High school embraces bowling as varsity sport

In this Wednesday, Nov. 8, 2017 photo, Apollo High School's Emma Owens bowls for her team at Diamond Lanes South in Owensboro, Ky. For most people, bowling is just a hobby or an activity to do with friends on the weekends, but for Apollo High School, it’s much more meaningful. (Greg Eans/The Messenger-Inquirer via AP)

Greg Eans

OWENSBORO, Ky. (AP) — For most people, bowling is just a hobby or an activity to do with friends on the weekends, but for Apollo High School, it's much more meaningful.

"People think of bowling as a recreational league where you come out and you're eating and drinking and just kind of messing around, but we take it very serious," Apollo bowling coach Kerrie Gatton said. "It's a varsity sport. We treat it like that. Our kids practice hard and go at it."

Gatton was part of a group that urged the Daviess County Public School board to make bowling a high school sport many years ago. Now, more and more high schools in Kentucky are following suit — Ohio County last year and Henderson County this year.

"It's definitely a growing sport around here," said Gatton, whose son, Ryan, has bowled for the team since he was in sixth grade.

This is now the fifth season for the Apollo boys' bowling team and the third for the girls' team.

Both teams have had much success in their brief history. The boys won the region and went to the KHSAA state tournament their first season, and the girls' team did the exact same in their second season.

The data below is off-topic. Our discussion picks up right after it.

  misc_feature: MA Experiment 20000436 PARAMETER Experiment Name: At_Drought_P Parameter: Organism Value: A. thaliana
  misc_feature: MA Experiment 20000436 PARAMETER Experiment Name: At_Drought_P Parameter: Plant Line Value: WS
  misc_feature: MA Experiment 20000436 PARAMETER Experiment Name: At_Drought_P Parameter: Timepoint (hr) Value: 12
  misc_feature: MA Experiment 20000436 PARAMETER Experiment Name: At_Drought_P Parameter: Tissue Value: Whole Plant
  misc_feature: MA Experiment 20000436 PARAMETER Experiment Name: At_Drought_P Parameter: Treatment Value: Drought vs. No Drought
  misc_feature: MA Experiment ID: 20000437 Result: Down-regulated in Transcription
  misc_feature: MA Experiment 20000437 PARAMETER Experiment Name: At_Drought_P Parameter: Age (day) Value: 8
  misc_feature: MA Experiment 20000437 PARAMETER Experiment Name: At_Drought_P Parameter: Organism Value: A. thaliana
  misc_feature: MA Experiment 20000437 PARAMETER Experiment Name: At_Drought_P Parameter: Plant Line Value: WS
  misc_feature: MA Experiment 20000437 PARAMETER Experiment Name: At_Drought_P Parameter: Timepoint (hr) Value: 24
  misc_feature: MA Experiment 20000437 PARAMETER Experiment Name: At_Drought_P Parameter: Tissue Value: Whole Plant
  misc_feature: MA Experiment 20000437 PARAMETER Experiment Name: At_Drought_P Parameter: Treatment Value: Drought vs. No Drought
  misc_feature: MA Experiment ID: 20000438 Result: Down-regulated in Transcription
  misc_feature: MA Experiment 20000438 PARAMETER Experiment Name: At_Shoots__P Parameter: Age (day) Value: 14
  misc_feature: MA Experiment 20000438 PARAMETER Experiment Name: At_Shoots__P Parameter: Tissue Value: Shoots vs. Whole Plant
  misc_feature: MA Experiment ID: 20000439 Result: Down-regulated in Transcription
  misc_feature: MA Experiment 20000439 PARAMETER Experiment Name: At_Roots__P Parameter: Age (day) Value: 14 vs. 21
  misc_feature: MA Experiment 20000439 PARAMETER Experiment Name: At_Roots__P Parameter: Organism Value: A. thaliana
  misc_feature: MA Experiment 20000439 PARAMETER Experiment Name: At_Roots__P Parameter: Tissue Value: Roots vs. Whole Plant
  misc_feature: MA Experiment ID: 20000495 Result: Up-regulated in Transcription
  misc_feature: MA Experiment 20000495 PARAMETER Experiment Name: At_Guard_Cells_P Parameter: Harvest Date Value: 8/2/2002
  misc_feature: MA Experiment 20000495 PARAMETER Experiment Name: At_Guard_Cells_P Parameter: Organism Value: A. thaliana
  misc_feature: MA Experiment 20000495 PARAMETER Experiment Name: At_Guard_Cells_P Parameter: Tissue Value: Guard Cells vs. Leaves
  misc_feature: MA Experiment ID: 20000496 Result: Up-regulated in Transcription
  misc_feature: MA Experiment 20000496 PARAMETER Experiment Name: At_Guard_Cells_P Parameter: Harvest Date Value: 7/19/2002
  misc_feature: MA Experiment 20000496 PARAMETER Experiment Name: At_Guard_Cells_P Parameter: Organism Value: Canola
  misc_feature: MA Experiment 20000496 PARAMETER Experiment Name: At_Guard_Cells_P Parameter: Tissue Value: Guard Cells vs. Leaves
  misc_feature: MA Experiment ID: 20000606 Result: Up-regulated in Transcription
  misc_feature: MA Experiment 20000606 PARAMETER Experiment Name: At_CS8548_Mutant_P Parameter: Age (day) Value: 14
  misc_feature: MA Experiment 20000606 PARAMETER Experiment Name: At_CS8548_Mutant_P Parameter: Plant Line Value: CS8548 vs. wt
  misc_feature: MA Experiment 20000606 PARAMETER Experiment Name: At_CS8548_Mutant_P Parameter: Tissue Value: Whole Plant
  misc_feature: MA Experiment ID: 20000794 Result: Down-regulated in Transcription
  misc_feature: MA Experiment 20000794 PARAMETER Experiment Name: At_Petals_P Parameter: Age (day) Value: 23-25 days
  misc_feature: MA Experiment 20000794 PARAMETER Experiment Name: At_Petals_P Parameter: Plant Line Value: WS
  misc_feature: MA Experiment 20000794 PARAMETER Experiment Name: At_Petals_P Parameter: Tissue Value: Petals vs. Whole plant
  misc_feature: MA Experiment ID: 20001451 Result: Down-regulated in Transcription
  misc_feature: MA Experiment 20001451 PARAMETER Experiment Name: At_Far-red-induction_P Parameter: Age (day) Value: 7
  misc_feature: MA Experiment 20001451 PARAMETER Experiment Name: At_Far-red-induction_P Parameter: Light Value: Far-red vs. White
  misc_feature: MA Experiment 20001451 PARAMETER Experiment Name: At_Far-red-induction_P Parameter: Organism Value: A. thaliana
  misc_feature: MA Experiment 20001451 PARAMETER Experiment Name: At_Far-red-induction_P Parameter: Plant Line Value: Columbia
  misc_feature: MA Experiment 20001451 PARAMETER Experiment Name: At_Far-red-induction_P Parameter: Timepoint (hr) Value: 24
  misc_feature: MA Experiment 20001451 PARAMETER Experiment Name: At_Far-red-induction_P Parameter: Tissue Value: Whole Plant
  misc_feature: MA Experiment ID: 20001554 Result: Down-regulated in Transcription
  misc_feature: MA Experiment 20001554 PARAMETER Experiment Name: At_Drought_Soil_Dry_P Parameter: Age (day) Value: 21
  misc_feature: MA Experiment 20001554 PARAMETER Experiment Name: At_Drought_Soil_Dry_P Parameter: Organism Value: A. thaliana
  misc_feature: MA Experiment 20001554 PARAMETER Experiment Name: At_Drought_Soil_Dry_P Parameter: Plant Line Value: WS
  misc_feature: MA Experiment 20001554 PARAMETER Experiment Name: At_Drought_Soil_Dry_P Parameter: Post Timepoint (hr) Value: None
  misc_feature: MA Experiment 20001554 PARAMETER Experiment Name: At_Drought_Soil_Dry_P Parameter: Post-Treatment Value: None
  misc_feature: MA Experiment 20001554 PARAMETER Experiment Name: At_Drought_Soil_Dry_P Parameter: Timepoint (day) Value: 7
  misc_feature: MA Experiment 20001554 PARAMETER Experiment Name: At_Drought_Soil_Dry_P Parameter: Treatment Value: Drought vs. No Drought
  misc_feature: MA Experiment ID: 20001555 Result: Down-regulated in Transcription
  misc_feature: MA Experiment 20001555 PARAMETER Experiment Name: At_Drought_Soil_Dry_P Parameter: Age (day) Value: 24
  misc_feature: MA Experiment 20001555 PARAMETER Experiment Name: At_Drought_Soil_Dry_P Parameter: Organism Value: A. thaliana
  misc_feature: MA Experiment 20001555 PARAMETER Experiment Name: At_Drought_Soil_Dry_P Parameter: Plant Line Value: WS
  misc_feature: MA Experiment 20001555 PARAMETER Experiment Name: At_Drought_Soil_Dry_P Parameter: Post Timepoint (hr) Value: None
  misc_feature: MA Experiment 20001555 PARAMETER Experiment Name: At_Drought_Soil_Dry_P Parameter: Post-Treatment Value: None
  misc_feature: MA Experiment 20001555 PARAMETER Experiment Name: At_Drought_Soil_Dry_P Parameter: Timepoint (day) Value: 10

This year's team consists of 12 boys and nine girls. The boys are 2-1 this season while the girls are undefeated at 3-0.

Apollo senior Brandon Pendley has been a part of the Eagles' bowling team since eighth grade, when the team formed.

"Immediately I wanted to join it, because bowling has been a huge part of my life," he said. "It's been great.

"It's definitely a privilege to have a bowling team for our high school."

Pendley, whose average score is 210, has been bowling since he was four years old. However, you don't have to be a lifetime bowler in order to be on the team as senior Maggie Carter has shown.

Carter hadn't bowled until she joined the girls' bowling team her freshman year.

"I just got an announcement through the school that there was bowling tryouts and I said 'Maybe I should try it, it might be something that I would enjoy,' " Carter recalled. "So I came out and I liked it. It's my passion and I love to do it."

Carter, who averaged a 193 last season, has improved tremendously bowling since she joined the team.

"At the beginning I mainly just threw it into the gutter," she said. "Now I've progressed into learning how to hit my mark and learning how to hook the ball in a normal, consistent way."

Carter recently signed a letter of intent to bowl at Union College once she graduates.

Get breaking news sent instantly to your inbox

Gatton says bowling differs from other sports because of the less importance emphasized on someone's physical abilities, unlike in football or basketball.

"We probably don't have your standard athlete," Gatton said. "It doesn't matter how fast you are, how slow you are. You can be tall or short, it doesn't really matter with bowling.

"It gives kids that aren't your normal athlete an opportunity to earn a varsity letter, to play a sport, which we know is good for kids at this age to get involved in something. That's why we love it."

She also said bowling is a unique sport because it has no particular age limit on when and how long you can play.

"The great thing about bowling is they can do this the rest of their life," Gatton said. "It's something they're always going to be able to do. They can join leagues afterward or eventually they might do it with their own families or whatever, but something they can do in their lifetime."

———

Information from: Owensboro Messenger-Inquirer, http://www.messenger-inquirer.com

Copyright 2017 The Associated Press. All rights reserved. This material may not be published, broadcast, rewritten or redistributed.

0
0
0
0
0

Load comments